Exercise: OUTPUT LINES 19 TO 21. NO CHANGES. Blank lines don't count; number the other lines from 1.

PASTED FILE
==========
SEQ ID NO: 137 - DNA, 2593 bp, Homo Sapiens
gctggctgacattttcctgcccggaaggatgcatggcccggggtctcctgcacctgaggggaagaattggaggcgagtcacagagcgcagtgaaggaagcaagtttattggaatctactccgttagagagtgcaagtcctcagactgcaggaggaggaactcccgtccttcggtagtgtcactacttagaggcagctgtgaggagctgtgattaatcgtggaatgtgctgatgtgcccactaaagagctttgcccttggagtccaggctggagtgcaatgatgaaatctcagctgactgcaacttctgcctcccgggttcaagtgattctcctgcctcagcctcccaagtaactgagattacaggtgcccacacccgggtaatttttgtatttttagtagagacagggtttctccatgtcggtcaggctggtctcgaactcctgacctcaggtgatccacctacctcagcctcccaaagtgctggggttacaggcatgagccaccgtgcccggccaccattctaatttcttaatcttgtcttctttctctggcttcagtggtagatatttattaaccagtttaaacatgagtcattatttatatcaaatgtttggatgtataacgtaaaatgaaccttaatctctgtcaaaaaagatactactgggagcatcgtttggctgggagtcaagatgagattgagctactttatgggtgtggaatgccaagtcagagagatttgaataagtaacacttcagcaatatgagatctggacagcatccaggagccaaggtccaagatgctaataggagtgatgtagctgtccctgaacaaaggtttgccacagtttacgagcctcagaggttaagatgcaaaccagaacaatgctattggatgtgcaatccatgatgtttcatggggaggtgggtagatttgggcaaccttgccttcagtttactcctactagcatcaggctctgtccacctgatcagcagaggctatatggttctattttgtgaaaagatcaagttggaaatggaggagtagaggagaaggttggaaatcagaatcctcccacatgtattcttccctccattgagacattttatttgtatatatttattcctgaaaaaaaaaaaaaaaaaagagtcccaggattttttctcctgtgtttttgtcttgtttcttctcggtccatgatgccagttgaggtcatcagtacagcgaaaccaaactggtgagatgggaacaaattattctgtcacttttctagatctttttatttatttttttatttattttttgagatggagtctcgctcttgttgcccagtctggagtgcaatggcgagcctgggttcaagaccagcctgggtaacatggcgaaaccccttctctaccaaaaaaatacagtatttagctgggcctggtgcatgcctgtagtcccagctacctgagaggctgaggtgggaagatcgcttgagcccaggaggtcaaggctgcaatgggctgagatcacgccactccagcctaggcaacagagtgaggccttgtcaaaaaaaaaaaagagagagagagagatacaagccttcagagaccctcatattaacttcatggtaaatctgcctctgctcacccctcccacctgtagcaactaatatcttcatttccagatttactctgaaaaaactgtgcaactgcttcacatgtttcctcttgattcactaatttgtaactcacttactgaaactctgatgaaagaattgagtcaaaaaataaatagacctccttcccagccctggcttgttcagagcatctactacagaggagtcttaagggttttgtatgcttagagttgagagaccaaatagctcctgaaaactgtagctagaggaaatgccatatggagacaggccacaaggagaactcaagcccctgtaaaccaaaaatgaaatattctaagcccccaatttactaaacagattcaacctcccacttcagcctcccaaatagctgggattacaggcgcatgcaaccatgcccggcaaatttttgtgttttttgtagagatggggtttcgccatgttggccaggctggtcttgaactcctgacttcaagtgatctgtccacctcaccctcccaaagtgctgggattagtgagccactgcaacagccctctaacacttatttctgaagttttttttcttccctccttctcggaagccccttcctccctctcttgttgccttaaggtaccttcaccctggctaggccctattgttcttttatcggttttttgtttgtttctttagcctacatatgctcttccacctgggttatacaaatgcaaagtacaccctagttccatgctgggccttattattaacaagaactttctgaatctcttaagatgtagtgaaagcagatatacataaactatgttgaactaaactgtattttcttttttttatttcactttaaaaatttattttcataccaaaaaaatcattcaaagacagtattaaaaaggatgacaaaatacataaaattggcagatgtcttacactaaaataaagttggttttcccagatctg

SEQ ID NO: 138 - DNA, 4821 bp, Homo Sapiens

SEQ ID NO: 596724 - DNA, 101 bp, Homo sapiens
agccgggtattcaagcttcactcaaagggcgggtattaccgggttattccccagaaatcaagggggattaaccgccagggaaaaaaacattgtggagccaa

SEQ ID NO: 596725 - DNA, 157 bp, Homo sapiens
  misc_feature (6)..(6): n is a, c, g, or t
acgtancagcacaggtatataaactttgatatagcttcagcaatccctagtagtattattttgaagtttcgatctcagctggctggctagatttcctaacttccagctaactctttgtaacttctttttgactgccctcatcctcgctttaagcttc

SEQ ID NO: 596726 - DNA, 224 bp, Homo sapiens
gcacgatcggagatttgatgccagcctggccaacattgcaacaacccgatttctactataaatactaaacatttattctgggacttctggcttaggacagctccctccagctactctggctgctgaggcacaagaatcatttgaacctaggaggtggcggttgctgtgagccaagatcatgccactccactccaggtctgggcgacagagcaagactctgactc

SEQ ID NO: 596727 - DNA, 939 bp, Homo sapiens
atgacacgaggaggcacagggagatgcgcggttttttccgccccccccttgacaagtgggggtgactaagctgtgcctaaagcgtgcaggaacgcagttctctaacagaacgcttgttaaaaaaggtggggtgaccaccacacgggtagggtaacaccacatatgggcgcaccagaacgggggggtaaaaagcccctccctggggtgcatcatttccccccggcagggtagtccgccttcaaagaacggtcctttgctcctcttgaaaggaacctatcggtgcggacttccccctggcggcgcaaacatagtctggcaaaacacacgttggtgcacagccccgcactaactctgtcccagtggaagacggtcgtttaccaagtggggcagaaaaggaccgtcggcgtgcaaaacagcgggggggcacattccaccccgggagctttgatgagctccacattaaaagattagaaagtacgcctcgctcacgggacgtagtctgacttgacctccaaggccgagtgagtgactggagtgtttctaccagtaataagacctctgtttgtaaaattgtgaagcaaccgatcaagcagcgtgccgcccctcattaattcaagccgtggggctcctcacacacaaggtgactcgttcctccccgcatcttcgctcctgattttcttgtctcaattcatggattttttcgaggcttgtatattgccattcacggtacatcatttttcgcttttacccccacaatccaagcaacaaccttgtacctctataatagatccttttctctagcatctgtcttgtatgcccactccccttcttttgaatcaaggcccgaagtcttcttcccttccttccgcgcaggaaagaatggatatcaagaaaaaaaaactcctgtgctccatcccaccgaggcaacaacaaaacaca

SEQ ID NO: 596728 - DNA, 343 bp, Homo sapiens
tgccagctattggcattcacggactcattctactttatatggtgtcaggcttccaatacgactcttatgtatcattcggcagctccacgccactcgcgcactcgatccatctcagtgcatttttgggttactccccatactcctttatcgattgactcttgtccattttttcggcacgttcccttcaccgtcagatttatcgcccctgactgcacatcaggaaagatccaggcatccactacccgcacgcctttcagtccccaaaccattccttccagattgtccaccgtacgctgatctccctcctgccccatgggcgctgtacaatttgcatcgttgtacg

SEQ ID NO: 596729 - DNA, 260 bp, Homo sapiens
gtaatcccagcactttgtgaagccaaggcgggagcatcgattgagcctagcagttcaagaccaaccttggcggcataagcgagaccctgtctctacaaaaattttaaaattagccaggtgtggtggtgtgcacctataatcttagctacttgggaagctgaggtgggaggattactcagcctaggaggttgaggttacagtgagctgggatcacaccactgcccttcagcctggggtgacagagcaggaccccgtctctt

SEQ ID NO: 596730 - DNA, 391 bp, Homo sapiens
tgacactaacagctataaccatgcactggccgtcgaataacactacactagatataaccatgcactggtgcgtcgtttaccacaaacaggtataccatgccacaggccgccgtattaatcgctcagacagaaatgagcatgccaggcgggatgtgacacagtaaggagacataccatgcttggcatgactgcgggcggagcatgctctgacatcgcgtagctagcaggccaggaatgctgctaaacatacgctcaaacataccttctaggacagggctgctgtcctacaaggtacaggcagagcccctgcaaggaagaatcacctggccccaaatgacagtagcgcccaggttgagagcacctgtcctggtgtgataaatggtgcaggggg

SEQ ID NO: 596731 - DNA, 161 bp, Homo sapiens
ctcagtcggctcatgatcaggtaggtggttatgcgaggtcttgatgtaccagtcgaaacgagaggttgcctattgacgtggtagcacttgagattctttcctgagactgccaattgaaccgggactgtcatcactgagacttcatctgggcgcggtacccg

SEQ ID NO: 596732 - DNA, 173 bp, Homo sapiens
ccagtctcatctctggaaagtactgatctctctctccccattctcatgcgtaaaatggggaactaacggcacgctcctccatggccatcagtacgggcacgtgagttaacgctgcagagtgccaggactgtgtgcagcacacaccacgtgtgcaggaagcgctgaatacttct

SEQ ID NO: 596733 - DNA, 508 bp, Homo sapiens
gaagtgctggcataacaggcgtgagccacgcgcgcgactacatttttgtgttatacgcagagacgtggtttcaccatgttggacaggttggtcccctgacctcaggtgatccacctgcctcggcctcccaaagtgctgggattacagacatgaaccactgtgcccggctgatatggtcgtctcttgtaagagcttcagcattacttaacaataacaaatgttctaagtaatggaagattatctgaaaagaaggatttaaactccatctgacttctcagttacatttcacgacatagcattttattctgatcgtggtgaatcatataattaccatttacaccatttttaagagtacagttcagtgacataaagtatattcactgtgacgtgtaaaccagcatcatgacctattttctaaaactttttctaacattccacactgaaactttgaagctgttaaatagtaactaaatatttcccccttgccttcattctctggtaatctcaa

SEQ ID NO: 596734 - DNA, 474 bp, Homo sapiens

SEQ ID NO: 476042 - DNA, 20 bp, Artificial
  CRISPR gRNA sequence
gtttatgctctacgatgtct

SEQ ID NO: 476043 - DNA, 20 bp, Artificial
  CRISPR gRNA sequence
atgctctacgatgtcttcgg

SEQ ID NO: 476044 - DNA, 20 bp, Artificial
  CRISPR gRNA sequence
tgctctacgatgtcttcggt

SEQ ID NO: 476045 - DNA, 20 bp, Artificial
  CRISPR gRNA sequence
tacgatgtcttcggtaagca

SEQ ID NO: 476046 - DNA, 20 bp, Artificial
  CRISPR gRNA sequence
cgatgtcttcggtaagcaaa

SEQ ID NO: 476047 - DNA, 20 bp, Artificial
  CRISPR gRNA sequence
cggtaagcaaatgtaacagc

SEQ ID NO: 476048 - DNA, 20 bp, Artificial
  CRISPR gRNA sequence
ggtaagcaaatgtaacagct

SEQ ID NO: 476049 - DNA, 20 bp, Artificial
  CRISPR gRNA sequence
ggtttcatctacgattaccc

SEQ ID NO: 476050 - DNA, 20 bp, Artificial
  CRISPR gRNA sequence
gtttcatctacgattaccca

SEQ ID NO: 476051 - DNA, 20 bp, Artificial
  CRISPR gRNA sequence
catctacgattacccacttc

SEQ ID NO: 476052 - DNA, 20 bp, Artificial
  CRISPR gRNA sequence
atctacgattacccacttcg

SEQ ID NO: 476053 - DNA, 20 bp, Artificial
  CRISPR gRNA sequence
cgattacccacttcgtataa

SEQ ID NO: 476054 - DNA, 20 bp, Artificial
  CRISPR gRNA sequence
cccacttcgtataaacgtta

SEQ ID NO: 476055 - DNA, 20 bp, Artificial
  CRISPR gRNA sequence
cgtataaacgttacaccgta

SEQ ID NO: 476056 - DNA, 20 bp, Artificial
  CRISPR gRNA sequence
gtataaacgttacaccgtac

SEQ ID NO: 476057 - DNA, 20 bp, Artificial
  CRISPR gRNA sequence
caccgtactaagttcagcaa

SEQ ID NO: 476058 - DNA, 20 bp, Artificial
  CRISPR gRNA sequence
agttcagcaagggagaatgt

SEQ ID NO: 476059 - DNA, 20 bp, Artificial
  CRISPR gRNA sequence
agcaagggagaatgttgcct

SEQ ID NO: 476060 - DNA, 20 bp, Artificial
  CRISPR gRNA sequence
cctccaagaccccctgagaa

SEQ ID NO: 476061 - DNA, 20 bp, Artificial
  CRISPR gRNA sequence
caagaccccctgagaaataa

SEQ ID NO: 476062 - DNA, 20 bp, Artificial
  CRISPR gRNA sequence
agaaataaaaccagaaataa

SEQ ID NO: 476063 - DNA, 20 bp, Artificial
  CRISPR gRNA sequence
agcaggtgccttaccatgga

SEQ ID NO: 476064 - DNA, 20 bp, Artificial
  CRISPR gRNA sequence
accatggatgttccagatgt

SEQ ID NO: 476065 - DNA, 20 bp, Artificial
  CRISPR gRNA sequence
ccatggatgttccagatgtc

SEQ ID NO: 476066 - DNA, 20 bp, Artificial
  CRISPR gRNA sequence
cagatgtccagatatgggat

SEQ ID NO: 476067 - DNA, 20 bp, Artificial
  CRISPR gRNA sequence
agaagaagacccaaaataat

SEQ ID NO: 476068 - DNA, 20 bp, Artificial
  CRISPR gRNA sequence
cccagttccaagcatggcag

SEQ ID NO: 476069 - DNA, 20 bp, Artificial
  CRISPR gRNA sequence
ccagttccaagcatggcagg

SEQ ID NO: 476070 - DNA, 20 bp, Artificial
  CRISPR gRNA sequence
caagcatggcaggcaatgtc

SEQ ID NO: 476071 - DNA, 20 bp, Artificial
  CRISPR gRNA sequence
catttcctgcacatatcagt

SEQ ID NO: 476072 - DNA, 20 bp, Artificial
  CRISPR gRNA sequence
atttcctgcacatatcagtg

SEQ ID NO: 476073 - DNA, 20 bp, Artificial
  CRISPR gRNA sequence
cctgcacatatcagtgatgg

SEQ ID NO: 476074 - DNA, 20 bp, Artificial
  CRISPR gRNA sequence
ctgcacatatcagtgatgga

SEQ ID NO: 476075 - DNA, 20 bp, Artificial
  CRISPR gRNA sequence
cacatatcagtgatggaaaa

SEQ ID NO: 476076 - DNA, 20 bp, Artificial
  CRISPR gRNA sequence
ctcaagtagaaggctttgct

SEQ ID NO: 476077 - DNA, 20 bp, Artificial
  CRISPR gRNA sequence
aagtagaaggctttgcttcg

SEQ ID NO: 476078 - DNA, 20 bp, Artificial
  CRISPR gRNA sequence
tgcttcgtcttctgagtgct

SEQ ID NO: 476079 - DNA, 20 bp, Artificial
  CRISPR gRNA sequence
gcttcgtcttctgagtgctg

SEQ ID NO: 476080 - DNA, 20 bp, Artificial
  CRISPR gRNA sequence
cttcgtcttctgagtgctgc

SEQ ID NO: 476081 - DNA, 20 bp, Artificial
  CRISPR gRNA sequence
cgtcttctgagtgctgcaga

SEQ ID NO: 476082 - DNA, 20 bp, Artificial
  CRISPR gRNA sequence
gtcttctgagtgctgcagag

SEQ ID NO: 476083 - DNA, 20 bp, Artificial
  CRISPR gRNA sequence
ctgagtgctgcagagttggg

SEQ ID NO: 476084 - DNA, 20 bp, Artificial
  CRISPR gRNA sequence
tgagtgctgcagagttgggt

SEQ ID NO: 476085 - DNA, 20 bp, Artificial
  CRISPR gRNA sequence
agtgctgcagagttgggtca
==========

SEQ ID NO: 596731 - DNA, 161 bp, Homo sapiens
ctcagtcggctcatgatcaggtaggtggttatgcgaggtcttgatgtaccagtcgaaacgagaggttgcctattgacgtggtagcacttgagattctttcctgagactgccaattgaaccgggactgtcatcactgagacttcatctgggcgcggtacccg

SEQ ID NO: 596732 - DNA, 173 bp, Homo sapiens